In Chinese art there is no requirement that an object be seen in its entirety, and this idea has existed for hundreds of years. In landscapes, water scenes with boats, mountains and rock outcroppings with trees often appear, sometimes in simplified form.
These two tiles are from a Chinese Bakelite set. You can see the boat continues from one tile to the next, but still not seen in its entirety. Notice how a tree trunk is captured on the right tile.
This special ink and color scroll was painted by Zhang Daqian (Chang Dai-chien) who lived from 1899 until 1963. It is entitled The Bridge to Eternity. You can see a lone fisherman in his boat at the water's edge, with the boat somewhat hidden behind a small projection of the landscape. But objects don't have to be hidden to be simplified:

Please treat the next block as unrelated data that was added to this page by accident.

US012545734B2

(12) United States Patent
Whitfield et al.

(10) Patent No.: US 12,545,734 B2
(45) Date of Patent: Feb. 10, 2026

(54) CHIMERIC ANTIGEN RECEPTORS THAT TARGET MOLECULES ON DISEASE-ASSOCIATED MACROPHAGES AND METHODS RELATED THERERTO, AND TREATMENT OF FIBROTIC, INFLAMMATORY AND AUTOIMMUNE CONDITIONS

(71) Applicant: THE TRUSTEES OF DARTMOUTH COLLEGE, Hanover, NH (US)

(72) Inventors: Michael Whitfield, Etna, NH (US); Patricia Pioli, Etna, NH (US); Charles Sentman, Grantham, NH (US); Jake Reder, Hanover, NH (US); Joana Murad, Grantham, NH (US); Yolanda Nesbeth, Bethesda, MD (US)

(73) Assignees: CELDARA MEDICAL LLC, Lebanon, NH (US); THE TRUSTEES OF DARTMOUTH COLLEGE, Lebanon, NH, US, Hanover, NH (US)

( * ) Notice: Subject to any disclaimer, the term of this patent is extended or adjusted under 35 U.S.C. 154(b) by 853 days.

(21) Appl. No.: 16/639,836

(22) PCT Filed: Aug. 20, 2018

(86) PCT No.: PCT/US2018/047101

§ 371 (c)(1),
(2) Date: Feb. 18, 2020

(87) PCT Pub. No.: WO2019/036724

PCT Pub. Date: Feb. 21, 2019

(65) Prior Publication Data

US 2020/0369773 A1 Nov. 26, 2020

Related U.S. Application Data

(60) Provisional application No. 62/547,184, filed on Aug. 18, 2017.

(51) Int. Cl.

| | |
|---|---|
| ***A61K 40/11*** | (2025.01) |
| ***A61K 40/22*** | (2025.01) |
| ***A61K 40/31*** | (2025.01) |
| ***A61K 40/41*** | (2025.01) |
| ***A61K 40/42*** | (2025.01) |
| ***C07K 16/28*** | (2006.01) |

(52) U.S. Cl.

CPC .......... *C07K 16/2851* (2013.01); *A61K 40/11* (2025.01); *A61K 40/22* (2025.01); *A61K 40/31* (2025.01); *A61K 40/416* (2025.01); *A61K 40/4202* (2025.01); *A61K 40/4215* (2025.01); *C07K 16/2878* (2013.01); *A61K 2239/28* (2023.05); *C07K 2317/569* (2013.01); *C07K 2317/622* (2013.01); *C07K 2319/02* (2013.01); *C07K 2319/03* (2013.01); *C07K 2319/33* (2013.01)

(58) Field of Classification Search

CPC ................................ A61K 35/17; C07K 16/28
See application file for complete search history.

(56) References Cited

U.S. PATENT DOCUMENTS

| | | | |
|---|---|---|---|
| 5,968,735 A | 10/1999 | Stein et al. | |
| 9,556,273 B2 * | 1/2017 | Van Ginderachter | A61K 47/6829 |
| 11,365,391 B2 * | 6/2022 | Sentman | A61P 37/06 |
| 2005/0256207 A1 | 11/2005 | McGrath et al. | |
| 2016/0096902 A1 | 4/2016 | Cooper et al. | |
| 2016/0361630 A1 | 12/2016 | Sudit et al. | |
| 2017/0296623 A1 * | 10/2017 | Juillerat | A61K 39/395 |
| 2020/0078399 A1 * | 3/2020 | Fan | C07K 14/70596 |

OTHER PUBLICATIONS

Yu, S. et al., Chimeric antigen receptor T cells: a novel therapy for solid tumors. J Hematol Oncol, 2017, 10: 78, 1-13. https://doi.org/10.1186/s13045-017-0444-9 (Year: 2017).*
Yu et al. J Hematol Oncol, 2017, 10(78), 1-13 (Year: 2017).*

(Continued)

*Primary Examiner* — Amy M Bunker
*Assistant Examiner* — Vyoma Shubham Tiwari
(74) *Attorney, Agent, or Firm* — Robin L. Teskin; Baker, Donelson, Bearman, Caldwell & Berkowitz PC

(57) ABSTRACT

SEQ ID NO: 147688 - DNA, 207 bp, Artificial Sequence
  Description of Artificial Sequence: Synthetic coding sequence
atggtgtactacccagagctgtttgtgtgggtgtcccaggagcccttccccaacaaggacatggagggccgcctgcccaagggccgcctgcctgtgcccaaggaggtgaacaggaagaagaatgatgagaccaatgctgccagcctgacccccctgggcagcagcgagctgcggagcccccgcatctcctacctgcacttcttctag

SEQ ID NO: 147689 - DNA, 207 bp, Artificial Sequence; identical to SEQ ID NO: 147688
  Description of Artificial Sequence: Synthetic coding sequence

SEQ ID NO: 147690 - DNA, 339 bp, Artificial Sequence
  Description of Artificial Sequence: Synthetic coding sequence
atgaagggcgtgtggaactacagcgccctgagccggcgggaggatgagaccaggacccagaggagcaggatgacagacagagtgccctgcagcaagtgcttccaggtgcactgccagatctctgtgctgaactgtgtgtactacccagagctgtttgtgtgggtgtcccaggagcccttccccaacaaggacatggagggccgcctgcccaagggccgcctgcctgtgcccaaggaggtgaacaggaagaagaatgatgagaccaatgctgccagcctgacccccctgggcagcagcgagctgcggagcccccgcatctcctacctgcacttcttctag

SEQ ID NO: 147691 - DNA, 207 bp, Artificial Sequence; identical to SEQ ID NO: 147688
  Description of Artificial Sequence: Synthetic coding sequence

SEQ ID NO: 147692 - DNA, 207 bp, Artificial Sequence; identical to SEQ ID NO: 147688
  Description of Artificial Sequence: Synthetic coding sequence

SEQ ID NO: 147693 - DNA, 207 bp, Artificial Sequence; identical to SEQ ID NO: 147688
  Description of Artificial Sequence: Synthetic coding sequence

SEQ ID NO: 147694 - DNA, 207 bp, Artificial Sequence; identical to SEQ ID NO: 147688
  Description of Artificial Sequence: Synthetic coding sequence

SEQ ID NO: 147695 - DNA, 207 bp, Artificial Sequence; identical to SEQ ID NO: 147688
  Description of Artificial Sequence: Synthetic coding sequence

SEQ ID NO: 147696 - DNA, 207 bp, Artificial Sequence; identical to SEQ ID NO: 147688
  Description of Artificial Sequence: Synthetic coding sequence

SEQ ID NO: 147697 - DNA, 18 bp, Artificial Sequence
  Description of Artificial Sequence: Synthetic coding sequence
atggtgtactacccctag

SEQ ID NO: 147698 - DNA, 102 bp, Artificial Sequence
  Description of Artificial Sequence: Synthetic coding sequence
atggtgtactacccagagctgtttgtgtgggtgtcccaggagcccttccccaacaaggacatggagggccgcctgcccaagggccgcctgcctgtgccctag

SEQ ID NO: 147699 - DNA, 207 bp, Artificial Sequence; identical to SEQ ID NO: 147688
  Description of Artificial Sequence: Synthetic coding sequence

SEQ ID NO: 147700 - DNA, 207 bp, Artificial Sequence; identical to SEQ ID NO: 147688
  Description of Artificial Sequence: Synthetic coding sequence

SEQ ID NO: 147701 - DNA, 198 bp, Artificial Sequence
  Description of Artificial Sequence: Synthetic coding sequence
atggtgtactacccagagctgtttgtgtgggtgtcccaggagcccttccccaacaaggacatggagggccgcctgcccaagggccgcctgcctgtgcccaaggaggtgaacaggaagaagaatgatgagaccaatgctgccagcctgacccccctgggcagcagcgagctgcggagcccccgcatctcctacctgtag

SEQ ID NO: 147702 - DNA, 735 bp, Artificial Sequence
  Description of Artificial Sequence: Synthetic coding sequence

(This tile is not half of a two tile set)
There is no need to show the whole object if people can figure out what it is.
Looking at these tiles again you can note how here too boats are somewhat hidden by land outcropping, with trees along the rocky shoreline and mountains. You will see a partial bridge on the lower left tile, a structure also seen on the Zhang Daqian scroll above.